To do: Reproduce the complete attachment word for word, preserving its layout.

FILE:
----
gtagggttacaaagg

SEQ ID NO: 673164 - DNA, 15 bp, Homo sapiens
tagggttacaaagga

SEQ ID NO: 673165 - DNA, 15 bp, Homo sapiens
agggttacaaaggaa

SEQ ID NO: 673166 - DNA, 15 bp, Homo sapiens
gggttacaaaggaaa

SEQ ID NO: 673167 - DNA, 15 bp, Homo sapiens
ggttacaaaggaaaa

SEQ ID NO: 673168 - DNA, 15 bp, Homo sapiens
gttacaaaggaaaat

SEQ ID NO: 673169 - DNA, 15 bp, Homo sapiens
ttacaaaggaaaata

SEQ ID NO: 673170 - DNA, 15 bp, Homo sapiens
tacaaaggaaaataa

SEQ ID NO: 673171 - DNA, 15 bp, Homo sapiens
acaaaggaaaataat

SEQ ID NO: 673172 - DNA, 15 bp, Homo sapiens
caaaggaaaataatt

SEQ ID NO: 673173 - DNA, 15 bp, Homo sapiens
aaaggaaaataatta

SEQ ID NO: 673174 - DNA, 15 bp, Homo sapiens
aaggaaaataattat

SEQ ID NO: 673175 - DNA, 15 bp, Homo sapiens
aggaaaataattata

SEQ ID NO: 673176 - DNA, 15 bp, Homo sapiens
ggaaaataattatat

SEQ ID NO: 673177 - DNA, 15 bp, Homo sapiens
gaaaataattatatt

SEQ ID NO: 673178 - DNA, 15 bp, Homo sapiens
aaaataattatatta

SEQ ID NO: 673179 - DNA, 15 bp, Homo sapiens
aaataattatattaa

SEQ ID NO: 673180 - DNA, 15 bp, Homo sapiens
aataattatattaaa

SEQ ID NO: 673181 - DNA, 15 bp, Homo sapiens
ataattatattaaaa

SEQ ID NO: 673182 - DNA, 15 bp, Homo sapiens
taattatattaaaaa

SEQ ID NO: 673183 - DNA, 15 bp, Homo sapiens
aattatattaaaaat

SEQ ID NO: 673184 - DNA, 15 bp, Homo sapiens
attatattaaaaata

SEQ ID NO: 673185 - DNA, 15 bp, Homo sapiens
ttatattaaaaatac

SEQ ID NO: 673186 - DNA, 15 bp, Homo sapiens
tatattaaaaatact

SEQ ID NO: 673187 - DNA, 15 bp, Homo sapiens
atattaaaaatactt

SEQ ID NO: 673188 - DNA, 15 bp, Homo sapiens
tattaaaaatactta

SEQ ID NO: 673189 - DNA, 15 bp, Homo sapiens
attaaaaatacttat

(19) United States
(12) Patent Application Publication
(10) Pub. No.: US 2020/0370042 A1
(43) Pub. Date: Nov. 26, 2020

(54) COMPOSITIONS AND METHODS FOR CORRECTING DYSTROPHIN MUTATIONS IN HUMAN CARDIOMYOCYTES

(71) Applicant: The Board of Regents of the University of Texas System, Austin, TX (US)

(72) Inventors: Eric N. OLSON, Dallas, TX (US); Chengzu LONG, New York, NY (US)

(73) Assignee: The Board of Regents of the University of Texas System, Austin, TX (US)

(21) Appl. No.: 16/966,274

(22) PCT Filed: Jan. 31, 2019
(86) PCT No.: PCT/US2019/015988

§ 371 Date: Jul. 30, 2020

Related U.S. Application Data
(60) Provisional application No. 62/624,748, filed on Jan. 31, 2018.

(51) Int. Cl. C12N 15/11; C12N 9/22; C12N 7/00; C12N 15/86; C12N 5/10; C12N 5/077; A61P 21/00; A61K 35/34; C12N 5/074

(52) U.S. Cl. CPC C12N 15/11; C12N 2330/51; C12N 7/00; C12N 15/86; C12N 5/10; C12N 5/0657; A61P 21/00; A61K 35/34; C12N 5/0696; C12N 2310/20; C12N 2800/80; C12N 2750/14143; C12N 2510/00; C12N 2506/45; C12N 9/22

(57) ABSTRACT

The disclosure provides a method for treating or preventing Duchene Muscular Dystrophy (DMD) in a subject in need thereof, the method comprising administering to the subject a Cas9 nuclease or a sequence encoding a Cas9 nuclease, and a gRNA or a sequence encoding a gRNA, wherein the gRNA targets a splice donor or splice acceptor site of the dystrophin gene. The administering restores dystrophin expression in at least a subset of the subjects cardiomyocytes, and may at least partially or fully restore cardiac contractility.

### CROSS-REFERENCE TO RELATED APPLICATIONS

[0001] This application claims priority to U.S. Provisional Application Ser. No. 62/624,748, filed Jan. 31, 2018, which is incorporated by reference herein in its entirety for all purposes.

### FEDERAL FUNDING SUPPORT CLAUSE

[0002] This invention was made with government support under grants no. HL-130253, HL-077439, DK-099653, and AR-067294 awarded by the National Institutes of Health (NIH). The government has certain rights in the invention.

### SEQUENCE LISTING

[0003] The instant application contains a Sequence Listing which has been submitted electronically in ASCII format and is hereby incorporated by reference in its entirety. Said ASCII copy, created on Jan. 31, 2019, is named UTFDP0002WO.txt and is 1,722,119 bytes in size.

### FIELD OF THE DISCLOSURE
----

gtagggttacaaagg

SEQ ID NO: 673164 - DNA, 15 bp, Homo sapiens
tagggttacaaagga

SEQ ID NO: 673165 - DNA, 15 bp, Homo sapiens
agggttacaaaggaa

SEQ ID NO: 673166 - DNA, 15 bp, Homo sapiens
gggttacaaaggaaa

SEQ ID NO: 673167 - DNA, 15 bp, Homo sapiens
ggttacaaaggaaaa

SEQ ID NO: 673168 - DNA, 15 bp, Homo sapiens
gttacaaaggaaaat

SEQ ID NO: 673169 - DNA, 15 bp, Homo sapiens
ttacaaaggaaaata

SEQ ID NO: 673170 - DNA, 15 bp, Homo sapiens
tacaaaggaaaataa

SEQ ID NO: 673171 - DNA, 15 bp, Homo sapiens
acaaaggaaaataat

SEQ ID NO: 673172 - DNA, 15 bp, Homo sapiens
caaaggaaaataatt

SEQ ID NO: 673173 - DNA, 15 bp, Homo sapiens
aaaggaaaataatta

SEQ ID NO: 673174 - DNA, 15 bp, Homo sapiens
aaggaaaataattat

SEQ ID NO: 673175 - DNA, 15 bp, Homo sapiens
aggaaaataattata

SEQ ID NO: 673176 - DNA, 15 bp, Homo sapiens
ggaaaataattatat

SEQ ID NO: 673177 - DNA, 15 bp, Homo sapiens
gaaaataattatatt

SEQ ID NO: 673178 - DNA, 15 bp, Homo sapiens
aaaataattatatta

SEQ ID NO: 673179 - DNA, 15 bp, Homo sapiens
aaataattatattaa

SEQ ID NO: 673180 - DNA, 15 bp, Homo sapiens
aataattatattaaa

SEQ ID NO: 673181 - DNA, 15 bp, Homo sapiens
ataattatattaaaa

SEQ ID NO: 673182 - DNA, 15 bp, Homo sapiens
taattatattaaaaa

SEQ ID NO: 673183 - DNA, 15 bp, Homo sapiens
aattatattaaaaat

SEQ ID NO: 673184 - DNA, 15 bp, Homo sapiens
attatattaaaaata

SEQ ID NO: 673185 - DNA, 15 bp, Homo sapiens
ttatattaaaaatac

SEQ ID NO: 673186 - DNA, 15 bp, Homo sapiens
tatattaaaaatact

SEQ ID NO: 673187 - DNA, 15 bp, Homo sapiens
atattaaaaatactt

SEQ ID NO: 673188 - DNA, 15 bp, Homo sapiens
tattaaaaatactta

SEQ ID NO: 673189 - DNA, 15 bp, Homo sapiens
attaaaaatacttat

(19) United States
(12) Patent Application Publication
(10) Pub. No.: US 2020/0370042 A1
(43) Pub. Date: Nov. 26, 2020

(54) COMPOSITIONS AND METHODS FOR CORRECTING DYSTROPHIN MUTATIONS IN HUMAN CARDIOMYOCYTES

(71) Applicant: The Board of Regents of the University of Texas System, Austin, TX (US)

(72) Inventors: Eric N. OLSON, Dallas, TX (US); Chengzu LONG, New York, NY (US)

(73) Assignee: The Board of Regents of the University of Texas System, Austin, TX (US)

(21) Appl. No.: 16/966,274

(22) PCT Filed: Jan. 31, 2019
(86) PCT No.: PCT/US2019/015988

§ 371 Date: Jul. 30, 2020

Related U.S. Application Data
(60) Provisional application No. 62/624,748, filed on Jan. 31, 2018.

(51) Int. Cl. C12N 15/11; C12N 9/22; C12N 7/00; C12N 15/86; C12N 5/10; C12N 5/077; A61P 21/00; A61K 35/34; C12N 5/074

(52) U.S. Cl. CPC C12N 15/11; C12N 2330/51; C12N 7/00; C12N 15/86; C12N 5/10; C12N 5/0657; A61P 21/00; A61K 35/34; C12N 5/0696; C12N 2310/20; C12N 2800/80; C12N 2750/14143; C12N 2510/00; C12N 2506/45; C12N 9/22

(57) ABSTRACT

The disclosure provides a method for treating or preventing Duchene Muscular Dystrophy (DMD) in a subject in need thereof, the method comprising administering to the subject a Cas9 nuclease or a sequence encoding a Cas9 nuclease, and a gRNA or a sequence encoding a gRNA, wherein the gRNA targets a splice donor or splice acceptor site of the dystrophin gene. The administering restores dystrophin expression in at least a subset of the subjects cardiomyocytes, and may at least partially or fully restore cardiac contractility.

### CROSS-REFERENCE TO RELATED APPLICATIONS

[0001] This application claims priority to U.S. Provisional Application Ser. No. 62/624,748, filed Jan. 31, 2018, which is incorporated by reference herein in its entirety for all purposes.

### FEDERAL FUNDING SUPPORT CLAUSE

[0002] This invention was made with government support under grants no. HL-130253, HL-077439, DK-099653, and AR-067294 awarded by the National Institutes of Health (NIH). The government has certain rights in the invention.

### SEQUENCE LISTING

[0003] The instant application contains a Sequence Listing which has been submitted electronically in ASCII format and is hereby incorporated by reference in its entirety. Said ASCII copy, created on Jan. 31, 2019, is named UTFDP0002WO.txt and is 1,722,119 bytes in size.

### FIELD OF THE DISCLOSURE